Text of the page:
If the idea of concept is new to you, or you have a hard time grasping the ambiguity of it, I found a fantastic blog for you to check out. Storyfix focuses on concept like nobody's business. In fact, for $35 you can submit your story concept and see how plausible it is.

Now that we've got that cleared up, I'm off to the store. Apparently we're out of Pop Tarts.

Tuesday, February 19, 2013

Here an App, There an App

I'm the type of gal who needs my teenager to get the movie started on my TV. Needless to say, I don't have an iPhone or Android. Not that I'm a Luddite. I'm just waiting until my old-school phone breaks until I buy a new one.

But for those of you who are living in the twenty-first century, here are a few handy-dandy apps that just might make your writing life easier...

EVERNOTE

Take notes. Record voices. Leave memos. Shoot, you can even take a picture. Plus as a bonus, the content syncs to all of the desktop or mobile devices you have connected via Evernote, meaning the results of your brainstorm extravaganza are with you wherever you are. This app is a great way to stay organized and keep your thoughts in one place. Even better, this one is my kind of price...FREE! Download it here.

STORY TRACKER

You'll never have to wonder again where or when you submitted your work. With this app, you can keep track of your submitted stories, novels, poems, scripts and articles. iPhone. iPad. iPod touch.The information is all right there. Check it out here. There is a lite version of this app that's free, but it only lets you track 5 things. If you need more, you can upgrade at the App Store for $7.99.

WRITER

This app is designed for the iPhone or iPad. Organize your story with pre-defined categories for only $0.99. Quite the deal. Find out more here.

iTHOUGHTSHD

Are you more of a mind mapper than a linear thinker? This is the app for you. iThoughtsHD is a great way to work out the structure of a WIP. Whether you're plotting, brainstorming or compiling thematic ideas, this is a great way to create a visual representation of all the swirling thoughts in your brain. iThoughts is an easy interface to use and is accesible on both Android and iOS devices. Cost is $9.99. More info here.

WRITE CHAIN

This is a pretty sweet word count tracking tool for the iPhone designed to remind you to keep up your writing. It's a super simple tool that any writer can use to set a daily goal and stick to it. Best of all, it's free. Download here.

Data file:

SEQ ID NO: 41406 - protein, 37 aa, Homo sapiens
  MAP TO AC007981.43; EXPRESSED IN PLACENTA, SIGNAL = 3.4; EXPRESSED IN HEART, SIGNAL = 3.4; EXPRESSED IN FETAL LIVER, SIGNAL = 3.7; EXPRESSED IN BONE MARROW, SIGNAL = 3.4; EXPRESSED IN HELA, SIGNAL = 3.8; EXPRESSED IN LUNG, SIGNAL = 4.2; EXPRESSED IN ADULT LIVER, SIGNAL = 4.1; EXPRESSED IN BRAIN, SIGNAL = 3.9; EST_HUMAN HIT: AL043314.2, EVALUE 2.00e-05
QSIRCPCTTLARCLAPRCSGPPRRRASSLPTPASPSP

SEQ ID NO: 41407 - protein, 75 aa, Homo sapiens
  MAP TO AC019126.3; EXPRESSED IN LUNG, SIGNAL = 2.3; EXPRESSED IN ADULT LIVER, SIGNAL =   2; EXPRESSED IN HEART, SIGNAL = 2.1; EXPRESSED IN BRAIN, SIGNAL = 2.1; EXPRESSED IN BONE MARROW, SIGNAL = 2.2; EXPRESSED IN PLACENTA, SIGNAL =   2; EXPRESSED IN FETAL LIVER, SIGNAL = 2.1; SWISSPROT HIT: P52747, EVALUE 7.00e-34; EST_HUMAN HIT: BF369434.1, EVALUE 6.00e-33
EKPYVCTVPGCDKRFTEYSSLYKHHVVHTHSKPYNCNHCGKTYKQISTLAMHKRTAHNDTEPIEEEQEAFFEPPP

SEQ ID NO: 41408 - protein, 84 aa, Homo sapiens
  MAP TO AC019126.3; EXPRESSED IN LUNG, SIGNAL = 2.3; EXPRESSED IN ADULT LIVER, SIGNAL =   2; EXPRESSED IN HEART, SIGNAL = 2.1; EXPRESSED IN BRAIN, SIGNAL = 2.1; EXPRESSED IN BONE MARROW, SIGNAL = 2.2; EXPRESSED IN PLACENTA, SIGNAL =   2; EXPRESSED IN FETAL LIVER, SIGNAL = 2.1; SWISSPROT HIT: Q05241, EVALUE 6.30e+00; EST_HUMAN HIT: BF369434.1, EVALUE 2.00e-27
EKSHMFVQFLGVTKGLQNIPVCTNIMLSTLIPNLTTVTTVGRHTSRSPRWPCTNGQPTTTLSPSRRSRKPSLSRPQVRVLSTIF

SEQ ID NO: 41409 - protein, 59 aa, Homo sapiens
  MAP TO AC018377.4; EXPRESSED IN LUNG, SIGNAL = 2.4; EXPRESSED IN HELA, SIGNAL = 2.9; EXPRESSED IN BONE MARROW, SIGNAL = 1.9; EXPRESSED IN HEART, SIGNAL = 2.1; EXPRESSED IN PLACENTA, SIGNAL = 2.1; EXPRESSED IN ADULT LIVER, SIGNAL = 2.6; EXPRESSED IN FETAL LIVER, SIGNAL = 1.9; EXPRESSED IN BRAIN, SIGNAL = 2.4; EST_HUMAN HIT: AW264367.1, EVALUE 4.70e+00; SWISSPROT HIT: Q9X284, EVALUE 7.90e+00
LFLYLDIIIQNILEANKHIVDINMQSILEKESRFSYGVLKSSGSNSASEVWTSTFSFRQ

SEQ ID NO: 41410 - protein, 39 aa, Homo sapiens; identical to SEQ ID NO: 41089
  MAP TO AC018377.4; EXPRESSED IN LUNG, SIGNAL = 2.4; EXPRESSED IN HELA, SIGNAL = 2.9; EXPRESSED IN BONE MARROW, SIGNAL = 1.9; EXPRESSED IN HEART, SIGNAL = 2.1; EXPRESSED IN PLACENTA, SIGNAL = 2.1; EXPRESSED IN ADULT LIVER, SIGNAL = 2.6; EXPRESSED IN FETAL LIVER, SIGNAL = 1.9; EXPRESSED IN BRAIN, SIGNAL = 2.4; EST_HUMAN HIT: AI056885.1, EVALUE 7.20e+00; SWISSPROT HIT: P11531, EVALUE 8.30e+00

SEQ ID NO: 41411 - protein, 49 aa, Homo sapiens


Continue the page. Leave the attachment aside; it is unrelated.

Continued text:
OFFICE PLUS

Need to write, edit, open, import or export a Word document but you're not in front of your computer? No worries. Check out Office Plus. It's free to download but costs $9.99 if you want to be able to save your work. Intrigued? Click here.

Monday, February 18, 2013

At the Corner of Anger and Inspiration

It's a grey day today. Yeah, I know. Americans spell that color grAy. But today, with the leaden clouds outside my window and haunting music echoing through my empty house, I'm going for the British spelling because I'm in the mood. Creepy things inspire me.
But must one be inspired to write?

I get asked that question a lot. What if you only have a small window of time to capture words on paper and you just don't feel like it?

Surprisingly, that's where some of the best prose comes from, after you cross the panic threshold, that is. Once you start watching the minute hand tick away and hear the blank screen screaming accusations at you, anger kicks in. You know you've got to get something down so you don't feel like a complete loser and voila. That's when you can finally let it rip and pound out some really good writing.

Slightly psychotic, I grant you, but that's the work of a writer.

Don't worry, though. If even your anger is MIA, Write to Done did a fantastic post on ways to find inspiration for your writing. Check it out here.

Friday, February 15, 2013

You Should Have A Mug Shot

You need to take your jammies off at some point in time...even if you're a writer.



Thursday, February 14, 2013

A Valentine For You

Today's the day for love and romance. Hopefully you've already sent out your Valentine cards and remembered someone you wouldn't normally appreciate. As for me, I'm going to surprise a random sales clerk today with a chocolate bar.

Speaking of chocolate, pull yours out and sit down for a few minutes. My treat for you is the 'first kiss' in my recently completed first manuscript in the Bow Street Runners series. Cue your soft music in the background, get all warm and fuzzy, and away we go...